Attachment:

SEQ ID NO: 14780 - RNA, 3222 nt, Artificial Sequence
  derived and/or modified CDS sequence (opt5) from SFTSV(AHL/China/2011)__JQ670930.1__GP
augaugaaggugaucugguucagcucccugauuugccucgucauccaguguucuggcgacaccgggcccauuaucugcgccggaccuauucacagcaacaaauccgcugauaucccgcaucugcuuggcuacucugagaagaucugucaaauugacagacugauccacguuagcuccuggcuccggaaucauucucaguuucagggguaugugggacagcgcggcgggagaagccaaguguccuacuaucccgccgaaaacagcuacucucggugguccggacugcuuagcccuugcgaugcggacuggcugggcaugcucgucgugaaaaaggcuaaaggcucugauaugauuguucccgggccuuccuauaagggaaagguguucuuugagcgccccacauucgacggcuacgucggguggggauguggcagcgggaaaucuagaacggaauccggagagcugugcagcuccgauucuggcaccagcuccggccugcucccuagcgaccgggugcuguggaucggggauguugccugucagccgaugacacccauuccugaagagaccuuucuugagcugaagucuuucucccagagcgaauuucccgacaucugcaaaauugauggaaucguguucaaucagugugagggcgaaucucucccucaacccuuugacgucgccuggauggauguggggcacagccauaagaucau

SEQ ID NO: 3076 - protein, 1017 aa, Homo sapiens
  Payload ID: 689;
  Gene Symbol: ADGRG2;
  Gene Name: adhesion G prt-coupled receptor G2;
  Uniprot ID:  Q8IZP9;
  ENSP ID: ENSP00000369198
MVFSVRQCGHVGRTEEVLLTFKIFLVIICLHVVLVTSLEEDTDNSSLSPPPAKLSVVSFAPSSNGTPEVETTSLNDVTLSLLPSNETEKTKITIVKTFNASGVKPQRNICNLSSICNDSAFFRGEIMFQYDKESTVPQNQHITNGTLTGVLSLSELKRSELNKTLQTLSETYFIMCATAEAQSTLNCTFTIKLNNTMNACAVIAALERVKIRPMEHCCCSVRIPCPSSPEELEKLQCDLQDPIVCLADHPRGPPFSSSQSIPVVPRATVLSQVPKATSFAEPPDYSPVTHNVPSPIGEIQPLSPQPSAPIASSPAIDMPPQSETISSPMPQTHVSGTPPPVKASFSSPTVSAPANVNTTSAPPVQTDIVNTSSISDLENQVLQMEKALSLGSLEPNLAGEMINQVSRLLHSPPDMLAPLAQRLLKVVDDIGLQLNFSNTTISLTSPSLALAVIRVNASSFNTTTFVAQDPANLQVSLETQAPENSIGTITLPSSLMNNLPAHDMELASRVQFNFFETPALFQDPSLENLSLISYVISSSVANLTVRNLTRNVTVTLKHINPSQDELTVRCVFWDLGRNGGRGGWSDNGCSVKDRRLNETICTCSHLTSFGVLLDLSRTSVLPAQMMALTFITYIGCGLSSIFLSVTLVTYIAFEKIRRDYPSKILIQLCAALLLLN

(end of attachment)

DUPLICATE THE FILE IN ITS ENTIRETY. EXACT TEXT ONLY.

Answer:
SEQ ID NO: 14780 - RNA, 3222 nt, Artificial Sequence
  derived and/or modified CDS sequence (opt5) from SFTSV(AHL/China/2011)__JQ670930.1__GP
augaugaaggugaucugguucagcucccugauuugccucgucauccaguguucuggcgacaccgggcccauuaucugcgccggaccuauucacagcaacaaauccgcugauaucccgcaucugcuuggcuacucugagaagaucugucaaauugacagacugauccacguuagcuccuggcuccggaaucauucucaguuucagggguaugugggacagcgcggcgggagaagccaaguguccuacuaucccgccgaaaacagcuacucucggugguccggacugcuuagcccuugcgaugcggacuggcugggcaugcucgucgugaaaaaggcuaaaggcucugauaugauuguucccgggccuuccuauaagggaaagguguucuuugagcgccccacauucgacggcuacgucggguggggauguggcagcgggaaaucuagaacggaauccggagagcugugcagcuccgauucuggcaccagcuccggccugcucccuagcgaccgggugcuguggaucggggauguugccugucagccgaugacacccauuccugaagagaccuuucuugagcugaagucuuucucccagagcgaauuucccgacaucugcaaaauugauggaaucguguucaaucagugugagggcgaaucucucccucaacccuuugacgucgccuggauggauguggggcacagccauaagaucau

SEQ ID NO: 3076 - protein, 1017 aa, Homo sapiens
  Payload ID: 689;
  Gene Symbol: ADGRG2;
  Gene Name: adhesion G prt-coupled receptor G2;
  Uniprot ID:  Q8IZP9;
  ENSP ID: ENSP00000369198
MVFSVRQCGHVGRTEEVLLTFKIFLVIICLHVVLVTSLEEDTDNSSLSPPPAKLSVVSFAPSSNGTPEVETTSLNDVTLSLLPSNETEKTKITIVKTFNASGVKPQRNICNLSSICNDSAFFRGEIMFQYDKESTVPQNQHITNGTLTGVLSLSELKRSELNKTLQTLSETYFIMCATAEAQSTLNCTFTIKLNNTMNACAVIAALERVKIRPMEHCCCSVRIPCPSSPEELEKLQCDLQDPIVCLADHPRGPPFSSSQSIPVVPRATVLSQVPKATSFAEPPDYSPVTHNVPSPIGEIQPLSPQPSAPIASSPAIDMPPQSETISSPMPQTHVSGTPPPVKASFSSPTVSAPANVNTTSAPPVQTDIVNTSSISDLENQVLQMEKALSLGSLEPNLAGEMINQVSRLLHSPPDMLAPLAQRLLKVVDDIGLQLNFSNTTISLTSPSLALAVIRVNASSFNTTTFVAQDPANLQVSLETQAPENSIGTITLPSSLMNNLPAHDMELASRVQFNFFETPALFQDPSLENLSLISYVISSSVANLTVRNLTRNVTVTLKHINPSQDELTVRCVFWDLGRNGGRGGWSDNGCSVKDRRLNETICTCSHLTSFGVLLDLSRTSVLPAQMMALTFITYIGCGLSSIFLSVTLVTYIAFEKIRRDYPSKILIQLCAALLLLN